With the temps falling into pleasant temperatures to run in, this is prime racing time. If you’ve been training hard these last few weeks to get ready for that key race don’t forget to recover from those workouts. To improve at anything, you know you have to push yourself. After finishing a challenging workout you feel pretty accomplished and good (thanks to endorphins). You may even want to treat yourself to a reward, like a movie, late or some other special treat which is fine. But unless you’re treating yourself to a massage, your muscles could probably care less about that “cheat” food or flick.
Whether it’s a long run, speed work, or lifting weights you need to take the appropriate steps to recover. Your muscles will thank you and you’ll notice that you can get back to pushing yourself harder sooner by incorporating these simple things into a recovery routine.
Loaded with anthocyanins, which help guard cells against cell mutation and have lots of souped up anti-inflammatory properties that help decrease swelling in tired muscles.
Watermelon is full of one particular amino acid, L-citrulline which does a good job of reducing muscle soreness. Amino acids are building blocks of protein, and protein is the building block of lean muscle.
Protein and Carbs
Exercising breaks down muscle proteins, so by ingesting protein post workout you can begin protein synthesis aka rebuilding muscle. Consuming about 20 grams of protein post workout is optimal for muscle repair. But don’t forget about replacing carbohydrates too! This is especially true if you’ve been running because you’ve depleted glycogen stores. And if it happens to be your resistance training day, research shows that taking in a combination of carbs and protein post workout stimulates greater increases in strength. A 3:1 ratio (carbohydrates:protein) is what's recommended. The best time to take in your post workout protein is as soon as possible, but there is a window of up to three hours if your schedule won’t allow it right away.
A few protein sources
3 eggs, 6 egg whites, or ¾ cup egg substitute
¾ cup cottage cheese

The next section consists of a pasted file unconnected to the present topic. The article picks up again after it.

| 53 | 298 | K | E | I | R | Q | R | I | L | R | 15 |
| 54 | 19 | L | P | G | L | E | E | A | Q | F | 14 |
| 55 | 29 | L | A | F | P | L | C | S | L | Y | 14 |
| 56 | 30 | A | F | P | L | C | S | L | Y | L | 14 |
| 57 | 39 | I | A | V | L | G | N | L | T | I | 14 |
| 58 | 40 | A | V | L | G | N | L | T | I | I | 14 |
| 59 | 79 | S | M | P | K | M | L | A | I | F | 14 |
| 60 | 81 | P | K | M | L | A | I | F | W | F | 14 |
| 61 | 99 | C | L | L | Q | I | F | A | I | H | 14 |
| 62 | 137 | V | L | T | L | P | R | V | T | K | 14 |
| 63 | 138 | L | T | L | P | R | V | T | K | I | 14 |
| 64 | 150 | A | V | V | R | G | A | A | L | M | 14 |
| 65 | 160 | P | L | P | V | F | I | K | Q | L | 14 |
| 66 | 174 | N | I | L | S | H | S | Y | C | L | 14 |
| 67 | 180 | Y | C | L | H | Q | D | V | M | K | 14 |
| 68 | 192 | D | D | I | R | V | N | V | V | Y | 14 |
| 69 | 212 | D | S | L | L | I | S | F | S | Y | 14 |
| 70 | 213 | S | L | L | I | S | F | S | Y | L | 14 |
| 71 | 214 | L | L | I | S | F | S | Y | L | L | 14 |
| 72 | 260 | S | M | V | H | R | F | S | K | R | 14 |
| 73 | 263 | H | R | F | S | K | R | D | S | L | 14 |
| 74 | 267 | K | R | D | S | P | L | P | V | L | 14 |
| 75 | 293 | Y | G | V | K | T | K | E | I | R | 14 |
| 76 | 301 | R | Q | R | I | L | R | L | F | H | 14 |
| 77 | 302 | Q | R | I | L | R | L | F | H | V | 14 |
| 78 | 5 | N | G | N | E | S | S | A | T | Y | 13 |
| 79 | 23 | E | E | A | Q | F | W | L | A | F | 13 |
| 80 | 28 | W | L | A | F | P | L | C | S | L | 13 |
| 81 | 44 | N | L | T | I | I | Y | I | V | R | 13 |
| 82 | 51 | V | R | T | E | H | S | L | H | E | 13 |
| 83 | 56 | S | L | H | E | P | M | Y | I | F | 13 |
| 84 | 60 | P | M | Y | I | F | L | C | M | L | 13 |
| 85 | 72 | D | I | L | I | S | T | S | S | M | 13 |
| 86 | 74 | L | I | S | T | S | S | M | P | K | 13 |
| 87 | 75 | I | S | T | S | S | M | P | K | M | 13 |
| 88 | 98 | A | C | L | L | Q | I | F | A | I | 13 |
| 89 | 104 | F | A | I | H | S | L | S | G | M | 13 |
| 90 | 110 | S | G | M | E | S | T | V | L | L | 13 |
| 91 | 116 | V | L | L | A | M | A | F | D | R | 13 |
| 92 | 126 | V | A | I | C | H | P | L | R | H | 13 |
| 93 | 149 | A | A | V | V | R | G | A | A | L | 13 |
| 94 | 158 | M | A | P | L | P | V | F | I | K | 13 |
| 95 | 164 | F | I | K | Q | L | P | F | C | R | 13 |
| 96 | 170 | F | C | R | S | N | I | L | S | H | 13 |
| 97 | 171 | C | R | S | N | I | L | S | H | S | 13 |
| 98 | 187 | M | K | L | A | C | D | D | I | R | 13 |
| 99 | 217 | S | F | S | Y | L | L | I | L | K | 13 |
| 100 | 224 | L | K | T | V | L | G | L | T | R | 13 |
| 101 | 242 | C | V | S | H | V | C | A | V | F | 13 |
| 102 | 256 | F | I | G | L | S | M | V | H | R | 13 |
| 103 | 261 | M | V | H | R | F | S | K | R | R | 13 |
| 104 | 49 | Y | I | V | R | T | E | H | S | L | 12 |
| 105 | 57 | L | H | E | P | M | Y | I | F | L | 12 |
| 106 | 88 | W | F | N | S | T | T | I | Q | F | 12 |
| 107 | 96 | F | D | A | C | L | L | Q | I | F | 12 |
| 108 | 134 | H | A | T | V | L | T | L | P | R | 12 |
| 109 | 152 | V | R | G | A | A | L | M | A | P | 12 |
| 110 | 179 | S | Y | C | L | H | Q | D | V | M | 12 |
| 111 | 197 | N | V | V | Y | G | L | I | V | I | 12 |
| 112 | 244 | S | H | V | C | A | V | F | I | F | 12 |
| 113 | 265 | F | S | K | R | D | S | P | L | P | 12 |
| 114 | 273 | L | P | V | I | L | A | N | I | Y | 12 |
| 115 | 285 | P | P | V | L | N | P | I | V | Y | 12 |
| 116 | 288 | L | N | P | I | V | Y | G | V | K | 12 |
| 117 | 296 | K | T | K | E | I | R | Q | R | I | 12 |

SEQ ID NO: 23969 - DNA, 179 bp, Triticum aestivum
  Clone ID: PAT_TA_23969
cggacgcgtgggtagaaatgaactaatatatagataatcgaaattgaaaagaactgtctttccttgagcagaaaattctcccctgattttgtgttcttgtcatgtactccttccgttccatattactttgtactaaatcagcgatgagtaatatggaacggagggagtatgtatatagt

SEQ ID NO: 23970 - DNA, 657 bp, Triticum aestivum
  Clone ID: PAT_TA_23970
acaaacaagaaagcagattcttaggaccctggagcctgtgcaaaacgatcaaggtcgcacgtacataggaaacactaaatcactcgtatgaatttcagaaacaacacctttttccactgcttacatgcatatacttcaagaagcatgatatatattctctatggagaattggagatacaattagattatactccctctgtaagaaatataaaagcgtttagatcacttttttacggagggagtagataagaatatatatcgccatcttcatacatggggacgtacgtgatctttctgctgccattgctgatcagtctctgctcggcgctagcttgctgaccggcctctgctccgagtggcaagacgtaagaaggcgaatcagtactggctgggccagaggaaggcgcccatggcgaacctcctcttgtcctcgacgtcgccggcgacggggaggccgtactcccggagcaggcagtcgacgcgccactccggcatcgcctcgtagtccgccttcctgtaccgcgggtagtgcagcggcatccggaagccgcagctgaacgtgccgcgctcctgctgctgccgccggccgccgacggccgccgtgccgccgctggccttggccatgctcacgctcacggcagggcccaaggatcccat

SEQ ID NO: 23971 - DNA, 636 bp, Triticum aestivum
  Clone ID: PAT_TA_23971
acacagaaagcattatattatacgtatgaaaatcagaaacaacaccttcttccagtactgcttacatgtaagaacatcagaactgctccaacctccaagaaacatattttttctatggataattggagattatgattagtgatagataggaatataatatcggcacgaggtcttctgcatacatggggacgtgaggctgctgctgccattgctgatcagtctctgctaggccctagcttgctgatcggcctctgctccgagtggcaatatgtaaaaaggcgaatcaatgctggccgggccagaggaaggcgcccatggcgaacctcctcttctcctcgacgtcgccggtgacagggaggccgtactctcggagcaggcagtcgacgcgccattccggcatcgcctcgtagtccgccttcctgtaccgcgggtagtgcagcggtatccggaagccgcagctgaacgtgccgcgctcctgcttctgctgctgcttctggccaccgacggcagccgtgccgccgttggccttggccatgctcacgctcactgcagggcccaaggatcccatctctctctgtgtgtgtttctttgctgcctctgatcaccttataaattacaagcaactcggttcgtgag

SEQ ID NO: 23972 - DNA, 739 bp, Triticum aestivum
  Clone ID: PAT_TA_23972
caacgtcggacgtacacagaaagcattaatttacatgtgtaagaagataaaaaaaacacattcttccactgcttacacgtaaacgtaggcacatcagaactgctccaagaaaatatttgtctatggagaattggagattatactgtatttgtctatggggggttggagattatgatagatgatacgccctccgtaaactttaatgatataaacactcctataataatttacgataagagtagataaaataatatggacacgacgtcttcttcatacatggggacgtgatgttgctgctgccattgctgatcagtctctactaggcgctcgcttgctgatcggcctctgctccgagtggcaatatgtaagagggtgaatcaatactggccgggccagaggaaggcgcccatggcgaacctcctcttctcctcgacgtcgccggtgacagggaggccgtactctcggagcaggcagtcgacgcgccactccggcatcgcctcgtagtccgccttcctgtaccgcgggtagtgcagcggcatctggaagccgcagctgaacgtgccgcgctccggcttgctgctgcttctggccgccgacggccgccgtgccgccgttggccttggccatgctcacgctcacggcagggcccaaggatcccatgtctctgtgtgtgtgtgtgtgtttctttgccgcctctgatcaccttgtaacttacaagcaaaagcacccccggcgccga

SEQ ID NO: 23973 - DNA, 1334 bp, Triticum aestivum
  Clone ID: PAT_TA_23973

3 cups yogurt
1 ½ to 1 ⅔ cup of dried beans or lentils (also a carb source)
Studies have shown that foam rolling is effective in reducing Delayed Onset Muscle Soreness (DOMS). Invest in one of these handy recovery tools and your muscles will thank you.
Obvious, but often forgotten: Sleep & Hydration!
Did you know your body releases human growth hormone during sleep which stimulates healing and growth of muscle, tendon, and bone?
And when you're dehydrated exercise feels more difficult. This makes sense especially since the body is made up of around 60% water!
Run, recover and share!
Train hard and be sure to have a recovery routine that restores you for the next workout. Share these tips with all of your running friends so they know all about recovery too!
If you would like to know more about running like proper form, best exercises to support it and more don't forget to join my list! I’ve been working on researching all things running and putting it all together in an e-book that will help keep you injury free and running mile after mile for years to come.
I’ve been a slacker on blogging this summer and I am so sorry if you were looking for a June and July post. It's been summatime so I’ve been on the go and this year I found a new way to be out on the water. I picked up a SUP and am loving taking it out.
Apparently I’m not the only one because Stand up paddle boarding is working it’s way up to being the hottest way to stay fit across the country. And if you haven’t tried it yet here’s five reasons why you should grab a paddle and jump on a board.
Tips for Getting Started
Get comfortable with the fact that you might be taking a swim, but this time of year that can be a welcome time to cool off.
You can start training for the instability of water by standing up on an inverted Bosu.
Place the Bosu upside down next to something you can hold onto so you can get balanced. The easiest way to do this is find a smith machine and place the bar about chest level. Center the Bosu and place it about a couple of feet behind the bar, giving yourself enough space to grab onto the bar for support and step on the Bosu. Use the bar as you need to, but ultimately the goal here is to let go and completely balance on that Bosu.
Taking it to the Water
Start out lying prone (face down) on the board so you can get the feel of the water and waves. The fin on the bottom of the board, should be on the same side as your feet are. Position the paddle with the fin side towards your head and handle side by your feet.
When you feel ready, climb onto your hands and knees, get stable. Then crunch your knees towards your shoulders to bring your feet in and get them placed about shoulder width apart. Your hands are still on the board, almost like a downward dog. When you're feeling stable gradually begin bringing your torso up. Once you are standing, you’ll want to quickly start paddling and gain some momentum because that will help you stay balanced.